Mexico's need to provide adequate telecommunications services to its population has long been evident to the country's planners. The process of liberalizing the country's telecommunications began in 1990 with the revision of the telephone concessions to reflect the social obligations inherent in the service. The introduction of competition and the Federal Telecommunications Laws were other landmark events in the history of Mexico's telecommunications sector. Although great progress has been made, many believe there is a need to extend the charter of Mexico's Federal Telecommunications Commission (COFETEL), to grant it a greater degree of autonomy, to ensure that the goal of universalization of basic telephone services is achieved.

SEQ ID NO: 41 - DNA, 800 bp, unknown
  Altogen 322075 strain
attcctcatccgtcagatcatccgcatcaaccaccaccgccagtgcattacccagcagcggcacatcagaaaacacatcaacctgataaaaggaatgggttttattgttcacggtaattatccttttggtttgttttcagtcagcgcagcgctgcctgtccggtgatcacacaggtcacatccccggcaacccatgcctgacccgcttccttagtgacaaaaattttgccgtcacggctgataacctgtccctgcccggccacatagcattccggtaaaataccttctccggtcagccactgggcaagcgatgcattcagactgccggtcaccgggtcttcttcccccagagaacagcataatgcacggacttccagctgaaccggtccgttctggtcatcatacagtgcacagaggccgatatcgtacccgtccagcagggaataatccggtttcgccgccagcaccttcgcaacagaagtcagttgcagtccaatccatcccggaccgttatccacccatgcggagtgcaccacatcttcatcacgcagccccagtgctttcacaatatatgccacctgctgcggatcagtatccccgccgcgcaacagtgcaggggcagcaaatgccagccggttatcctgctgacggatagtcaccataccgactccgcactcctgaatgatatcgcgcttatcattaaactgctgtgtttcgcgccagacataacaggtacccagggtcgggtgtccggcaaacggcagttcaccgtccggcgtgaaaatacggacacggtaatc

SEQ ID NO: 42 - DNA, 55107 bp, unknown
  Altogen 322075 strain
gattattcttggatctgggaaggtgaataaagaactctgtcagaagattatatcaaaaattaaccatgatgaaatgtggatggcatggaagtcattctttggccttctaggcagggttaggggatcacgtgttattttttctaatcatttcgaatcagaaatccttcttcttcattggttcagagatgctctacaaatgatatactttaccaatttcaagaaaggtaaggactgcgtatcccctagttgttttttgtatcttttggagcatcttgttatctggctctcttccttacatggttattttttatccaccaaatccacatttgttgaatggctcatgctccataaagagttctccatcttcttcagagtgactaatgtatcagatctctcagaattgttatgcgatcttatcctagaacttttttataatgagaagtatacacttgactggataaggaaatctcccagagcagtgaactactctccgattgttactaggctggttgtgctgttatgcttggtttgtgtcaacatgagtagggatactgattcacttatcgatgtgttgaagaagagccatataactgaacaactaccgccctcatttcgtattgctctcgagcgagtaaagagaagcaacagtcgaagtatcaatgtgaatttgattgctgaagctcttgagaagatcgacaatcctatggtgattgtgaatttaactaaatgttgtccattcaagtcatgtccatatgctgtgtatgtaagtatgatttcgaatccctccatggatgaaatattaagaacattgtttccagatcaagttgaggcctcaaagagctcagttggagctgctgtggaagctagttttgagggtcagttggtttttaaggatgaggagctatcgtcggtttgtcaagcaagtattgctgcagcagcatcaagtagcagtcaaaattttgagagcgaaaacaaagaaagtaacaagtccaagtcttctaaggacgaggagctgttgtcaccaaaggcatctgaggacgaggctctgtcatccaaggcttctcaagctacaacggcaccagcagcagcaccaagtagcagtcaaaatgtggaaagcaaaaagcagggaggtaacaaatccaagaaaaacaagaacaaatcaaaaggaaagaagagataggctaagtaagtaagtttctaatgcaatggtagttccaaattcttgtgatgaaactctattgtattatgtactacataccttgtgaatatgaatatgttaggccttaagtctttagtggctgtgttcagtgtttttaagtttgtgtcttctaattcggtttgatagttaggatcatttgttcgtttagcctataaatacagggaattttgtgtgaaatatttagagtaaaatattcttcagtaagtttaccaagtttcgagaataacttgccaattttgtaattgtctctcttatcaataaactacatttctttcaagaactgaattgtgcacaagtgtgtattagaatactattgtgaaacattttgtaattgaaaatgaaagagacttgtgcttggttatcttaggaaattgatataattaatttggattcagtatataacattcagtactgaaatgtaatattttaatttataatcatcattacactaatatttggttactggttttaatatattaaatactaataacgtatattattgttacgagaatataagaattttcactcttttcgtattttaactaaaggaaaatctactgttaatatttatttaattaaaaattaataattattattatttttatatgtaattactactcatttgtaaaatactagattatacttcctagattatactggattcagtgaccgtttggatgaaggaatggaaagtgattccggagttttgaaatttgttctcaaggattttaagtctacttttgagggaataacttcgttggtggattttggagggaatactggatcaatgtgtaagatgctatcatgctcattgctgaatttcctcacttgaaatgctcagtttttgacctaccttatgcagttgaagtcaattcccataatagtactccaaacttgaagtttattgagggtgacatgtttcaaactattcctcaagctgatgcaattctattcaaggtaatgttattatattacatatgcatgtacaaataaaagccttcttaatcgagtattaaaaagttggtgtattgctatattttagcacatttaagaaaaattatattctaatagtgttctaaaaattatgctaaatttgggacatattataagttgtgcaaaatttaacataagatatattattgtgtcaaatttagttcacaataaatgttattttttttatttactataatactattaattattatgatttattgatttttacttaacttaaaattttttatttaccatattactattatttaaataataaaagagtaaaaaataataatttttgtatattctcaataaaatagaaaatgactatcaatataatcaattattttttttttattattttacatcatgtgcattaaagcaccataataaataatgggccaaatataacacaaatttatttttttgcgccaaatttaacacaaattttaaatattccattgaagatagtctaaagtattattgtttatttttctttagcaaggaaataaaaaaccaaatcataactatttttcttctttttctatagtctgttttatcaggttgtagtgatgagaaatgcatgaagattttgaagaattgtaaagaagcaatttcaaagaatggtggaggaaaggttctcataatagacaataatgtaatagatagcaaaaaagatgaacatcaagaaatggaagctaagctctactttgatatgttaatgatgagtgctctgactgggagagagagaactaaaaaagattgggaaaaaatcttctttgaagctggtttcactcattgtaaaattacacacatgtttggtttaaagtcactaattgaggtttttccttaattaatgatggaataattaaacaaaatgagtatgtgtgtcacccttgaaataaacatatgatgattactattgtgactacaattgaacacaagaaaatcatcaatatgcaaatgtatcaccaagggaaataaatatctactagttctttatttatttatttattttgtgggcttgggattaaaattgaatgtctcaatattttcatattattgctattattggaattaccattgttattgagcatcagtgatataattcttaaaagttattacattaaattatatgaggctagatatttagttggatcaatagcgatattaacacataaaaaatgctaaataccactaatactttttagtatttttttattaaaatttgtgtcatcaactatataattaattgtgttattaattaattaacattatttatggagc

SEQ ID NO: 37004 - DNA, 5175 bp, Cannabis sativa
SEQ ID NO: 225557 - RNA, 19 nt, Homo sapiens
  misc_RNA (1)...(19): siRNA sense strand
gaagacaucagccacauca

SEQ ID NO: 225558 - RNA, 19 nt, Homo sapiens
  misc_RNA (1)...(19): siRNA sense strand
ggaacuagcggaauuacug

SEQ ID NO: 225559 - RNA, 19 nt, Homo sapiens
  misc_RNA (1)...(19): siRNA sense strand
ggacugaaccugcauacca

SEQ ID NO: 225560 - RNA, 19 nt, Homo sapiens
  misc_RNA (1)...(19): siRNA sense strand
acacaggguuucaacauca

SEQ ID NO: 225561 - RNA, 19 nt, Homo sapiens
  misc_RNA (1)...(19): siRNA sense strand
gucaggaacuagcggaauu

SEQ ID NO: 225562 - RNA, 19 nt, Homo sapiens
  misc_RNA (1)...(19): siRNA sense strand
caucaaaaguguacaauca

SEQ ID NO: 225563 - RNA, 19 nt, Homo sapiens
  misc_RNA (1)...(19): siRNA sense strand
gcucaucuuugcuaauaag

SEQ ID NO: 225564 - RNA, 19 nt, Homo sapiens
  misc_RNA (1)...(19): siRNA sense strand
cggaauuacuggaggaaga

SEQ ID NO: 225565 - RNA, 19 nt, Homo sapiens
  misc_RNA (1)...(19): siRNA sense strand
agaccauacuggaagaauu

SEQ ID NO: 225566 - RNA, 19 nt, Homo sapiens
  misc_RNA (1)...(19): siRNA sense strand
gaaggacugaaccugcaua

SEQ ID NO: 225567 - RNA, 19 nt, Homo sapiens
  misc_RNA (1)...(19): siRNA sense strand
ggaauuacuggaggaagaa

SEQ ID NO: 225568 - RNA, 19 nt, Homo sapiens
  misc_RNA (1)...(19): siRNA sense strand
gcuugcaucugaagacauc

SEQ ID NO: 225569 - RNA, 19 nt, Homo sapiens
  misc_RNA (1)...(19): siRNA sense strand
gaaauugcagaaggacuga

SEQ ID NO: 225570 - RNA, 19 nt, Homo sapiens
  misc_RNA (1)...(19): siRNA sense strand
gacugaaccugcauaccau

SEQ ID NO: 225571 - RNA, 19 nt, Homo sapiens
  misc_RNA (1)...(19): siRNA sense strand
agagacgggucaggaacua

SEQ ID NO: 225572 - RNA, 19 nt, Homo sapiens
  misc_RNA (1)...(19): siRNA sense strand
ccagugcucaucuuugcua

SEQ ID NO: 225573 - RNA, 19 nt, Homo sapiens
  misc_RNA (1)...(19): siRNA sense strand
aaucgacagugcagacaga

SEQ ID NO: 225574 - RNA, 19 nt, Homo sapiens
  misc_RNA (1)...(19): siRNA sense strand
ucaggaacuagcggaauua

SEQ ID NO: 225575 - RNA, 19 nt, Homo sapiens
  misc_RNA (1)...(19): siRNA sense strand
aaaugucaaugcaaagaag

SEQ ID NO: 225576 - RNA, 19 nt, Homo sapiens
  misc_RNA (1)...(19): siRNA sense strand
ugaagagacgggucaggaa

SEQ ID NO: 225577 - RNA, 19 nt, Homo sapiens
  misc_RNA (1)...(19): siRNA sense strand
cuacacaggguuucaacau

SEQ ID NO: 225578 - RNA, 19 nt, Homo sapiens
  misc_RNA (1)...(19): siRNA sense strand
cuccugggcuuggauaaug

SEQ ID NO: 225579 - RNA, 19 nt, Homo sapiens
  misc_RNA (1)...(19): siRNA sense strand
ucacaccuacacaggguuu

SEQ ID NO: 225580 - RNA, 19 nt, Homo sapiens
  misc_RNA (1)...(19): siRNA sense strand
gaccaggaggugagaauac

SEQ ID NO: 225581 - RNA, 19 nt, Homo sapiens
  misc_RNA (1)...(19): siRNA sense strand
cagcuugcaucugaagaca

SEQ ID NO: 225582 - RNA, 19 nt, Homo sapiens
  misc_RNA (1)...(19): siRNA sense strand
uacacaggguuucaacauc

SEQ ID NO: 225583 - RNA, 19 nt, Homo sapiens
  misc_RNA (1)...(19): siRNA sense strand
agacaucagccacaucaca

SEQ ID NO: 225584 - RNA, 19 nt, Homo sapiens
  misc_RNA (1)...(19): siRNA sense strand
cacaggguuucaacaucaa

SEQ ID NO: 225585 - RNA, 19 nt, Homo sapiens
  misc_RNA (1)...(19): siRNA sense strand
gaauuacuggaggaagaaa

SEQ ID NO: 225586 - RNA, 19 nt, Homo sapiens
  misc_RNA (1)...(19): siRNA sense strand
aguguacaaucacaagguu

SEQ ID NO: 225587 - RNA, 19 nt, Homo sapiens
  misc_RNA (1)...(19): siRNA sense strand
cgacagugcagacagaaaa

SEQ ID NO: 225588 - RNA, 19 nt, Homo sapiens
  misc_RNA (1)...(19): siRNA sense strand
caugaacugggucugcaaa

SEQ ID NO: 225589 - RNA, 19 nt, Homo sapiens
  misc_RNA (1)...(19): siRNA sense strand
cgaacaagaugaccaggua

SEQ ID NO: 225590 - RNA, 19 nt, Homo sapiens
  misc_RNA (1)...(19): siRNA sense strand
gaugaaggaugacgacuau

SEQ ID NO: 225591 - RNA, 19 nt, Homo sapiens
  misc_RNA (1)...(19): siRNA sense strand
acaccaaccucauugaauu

The telecommunications industry has reached a point of technological development that can only be fully exploited when each and every individual of the world has access to one or many forms of telecommunication. The worldwide strategy for the development of telecommunications is to open the telecom sector to competition and private investment. This key strategy will allow greater supply of services, at better prices to a broader spectrum of people. The universal service goal is crucial. From a global perspective the only countries that are close to reaching this goal are the highly developed countries. The remaining countries, in many cases, lack the basic coverage and penetration of basic telecommunication infrastructure. When we understand this, we see that the challenge is to provide access in countries that lack the resources and lack a fully deployed infrastructure where Mexico is not an exception. The country lacks the coverage and penetration of telecom services needed to incorporate every individual in the global information society. Unlike developed countries, but similar to many developing countries, Mexico faces this important economic challenge: how much of the national budget can be devoted to develop the telecom sector? In a developing country where areas such as health, education, nutrition and shelter are a priority, telecommunications may become secondary. Even if the government was willing to deploy infrastructure and provide telecom services, it wouldn't be enough to achieve coverage goals. In light of the above, in 1989, the Mexican Government decided to open this strategic sector to competition and private investment, following international trends and recommendations. In many countries, including Mexico, telecom services long remained a monopoly and, most frequently, a state-monopoly. To implement the liberalization strategy the government needed to deal with two issues: to privatise and foster competition. In 1990 the "concession title" of the incumbent carrier was modified. This regulatory instrument incorporated a calendar and mechanisms to switch from a monopoly to a competitive market. This modified version of the concession title was the first, ever, asymmetric instrument of regulation for the dominant carrier. It included concrete obligations aimed at the expansion and modernization of the network, the improvement of service quality, the establishment of a basis for healthy competition, the elimination of cross-subsidies between services and the fostering of productivity gains to reduce rates to the end user. With the privatization of the incumbent carrier and the opening to competition of all telecommunication services, the country started the liberalization process. However, the legal framework needed to be updated to reflect and regulate the industry's new reality. Accordingly, a proposal for a new Federal Telecommunications Law was sent to Congress. The Federal Telecommunications Law (FTL) was approved on May 18, 1995, and became effective on June 8, 1995. This new law promotes market mechanisms for the allocation of scarce resources, such as the spectrum and orbital slots, and includes the goal of promoting competition among providers, to benefit users through better services, diversity and quality. One of the key features of this new law is that it mandates interconnection with the incumbent's network. In the event of failure to negotiate interconnection terms and conditions the government's designated authorities may settle the terms and conditions of issues in dispute. This new law makes the procedures to grant concessions transparent and non-discriminatory and it provides legal certainty to investors. Another key feature of the FTL is the creation of a new regulatory agency. The FTL establishes the institutional basis for the regulation of the telecommunications sector, by creating the Federal' Telecommunications Commission (COFETEL). The new autonomous agency was founded on August 9, 1996. COFETEL has been delegated many of the powers exercised by the Ministry of Communications and Transportation under the FTL. These include, the power to issue opinions on new concessions and permits, resolve interconnection disputes, issue asymmetric regulation for dominant carriers, and the power to call for and conduct bidding procedures for frequency allocation. However, law enforcement and license granting still remain within the Ministry's powers. As a result of the implementation of the liberalization strategy, the telecommunications sector in Mexico has grown rapidly. In the last 9 years this sector has grown 5 times faster than the economy as a whole. The number of fixed line telephones has grown from 6.4 million installed lines in 1990 to 10.8 million installed lines in mid-1999. Carriers have deployed a 70 thousand kilometres-long optic fibre network, most of which is digitalized. There are still many challenges that have to be confronted but we have to always keep in mind that the ultimate goal of every regulator is to achieve universal access. In support of its general strategy to accomplish this goal, the Mexican Government has taken steps to open local telephone service to competition and foster rural telephony programs. The telephone infrastructure in Mexico was built using cabled networks. This took many years and a very substantial volume of resources, but even this was not enough to provide access to every single individual. The developments of wireless technologies like Wireless Local Loop (WLL) and Personal Communications Systems (PCS) represent a great alternative for the deployment of telecom infrastructure in developing countries. Actually, this constitutes a technological opportunity for developing countries since they can deploy network infrastructure much faster and more inexpensively than if it were cabled. Also, these new technologies are effective for the deployment of cabled services in many countries that have complex topography. Bearing this in mind, in 1997, several frequencies were auctioned in order to allow for wireless local and mobile telephony. With these auctions, the Mexican Government intends to foster competition in local telephony and increase the telephone density. The main results of this strategy are already a reality in the northern cities of the country; WLL systems have been implemented with a high degree of consumer acceptance. PCS auction winners have also begun mobile service operation in 4 of Mexico's cities and soon will be providing fixed services. There are different levels of profitability, depending on the type of consumer for which the lines are installed. For instance, commercial lines tend to be highly profitable, but the profitability of residential lines depends on the income level of its users. In order for global service to be profitable, there are two alternatives: increase the public tariff or increase interconnection rates. Following same idea, differentiatedinterconnection rates depend upon the type of carrier. For instance, a carrier that has social commitments incorporated in its concession title, receives a higher percentage of interconnection income than one that only provides lines in highly profitable areas or one that does not have any obligatory social commitments. There is also concern about providing telecom services in rural communities. To do so, the Government is working with various carriers through programmes that contemplate direct subsidies in order to make these projects profitable. The rural telephony program aims at providing basic telephone services to isolated communities using wireless technologies such as satellite, cellular and trunking. With these programs we are currently providing service in more than 27 thousand communities, with populations between 100 and 500 inhabitants, throughout the country. The Government needs to create a level playing field in the telecommunications industry. The first step that was taken after the privatisation of the state-owned telephone company was to incorporate a set of obligations through modifications of the incumbent's concession title in 1990. As has been seen, this was not enough. Currently, the regulator is studying the possibility of putting together a set of rules that will apply only to the carrier or carriers that have considerable market power in a given service or services. These rules will establish additional requirements for tariff establishment, information provision and quality of service. Despite the fact that the Mexican regulator is an autonomous body, strengthening the independence of the regulator is crucial. At least three concepts must be guaranteed for real independence: the separation of regulatory and operational functions, freedom from direct political pressure and fair and transparent procedures. In Mexico we are working hard in order to get the regulator this autonomy, but there are still many steps that have to be taken in order to achieve this degree of independence. There are other things we have to consider. Understanding the trends of the telecom industry helps regulators avoid implementing measures that inhibit the development of the industry. This is especially important if we consider the speed in which the developments of new technologies arise, and the impact they have on the way this business is conducted. This sector changes so rapidly that the regulator should be able to act accordingly. When promoting competition, regulators often lose sight of the ultimate reason of the liberalization strategy. Competition in itself is not a guarantee that the universal coverage and better service goals will be met. Competition for competition's sake should not be furthered by regulators. Instead, regulators should rather seek a customer-driven provision of services environment. A new environment is needed where the majority of the population receives the benefits of the new strategy. This maximizes the population welfare either by providing better services or lower prices than before, or both. Regulators, then, should always bear in mind that the main objectives are to increase coverage and to make sure that the population receives more and better services. The liberalization and competition policies are only means to achieve such goals. A consumer driven environment, where consumers have a real choice, requires a wide range of suppliers of telecom services. That is why fostering competition is so important. Finally, regulators need to guarantee that the right of telecommunications services access is not just desirable, but also enforceable; in a normative dimension this right is created out of beliefs about goodness, but it still needs to have a positivist dimension for the actual determination of justice. For this reason, a regulatory "bill of rights" for telecommunications services is needed, one that, at least, guarantees all an equal opportunity to obtain affordable basic local telephone service. Conclusion However, we should not only aim at providing a basic local telephone service. Convergence in the telecommunications sector obliges us to design the bill of rights in such a way that, in the near future, people may have the right of accessing comprehensive telecommunications services. The bill of rights should include as core principles applicable to all telecommunications users and providers: access, connectivity, affordability, non-discrimination and security. It is quite encouraging to observe that all telecom services in Mexico are now fully competitive and have a high growth rate. However, Mexico is still lagging behind in teledensity. At COFETEL we will continue to foster competition in order to provide not only basic telephony services to the population, but also comprehensive telecommunication services. To undertake this strategy involves a complex regulatory process. Concrete actions must follow to further competition and increase coverage, to include additional asymmetric regulation for the dominant carrier and strengthen COFETEL's autonomy. In COFETEL we are certain that the liberalization strategy is appropriate. We are convinced that, as competition develops, telecommunications service density in Mexico will improve.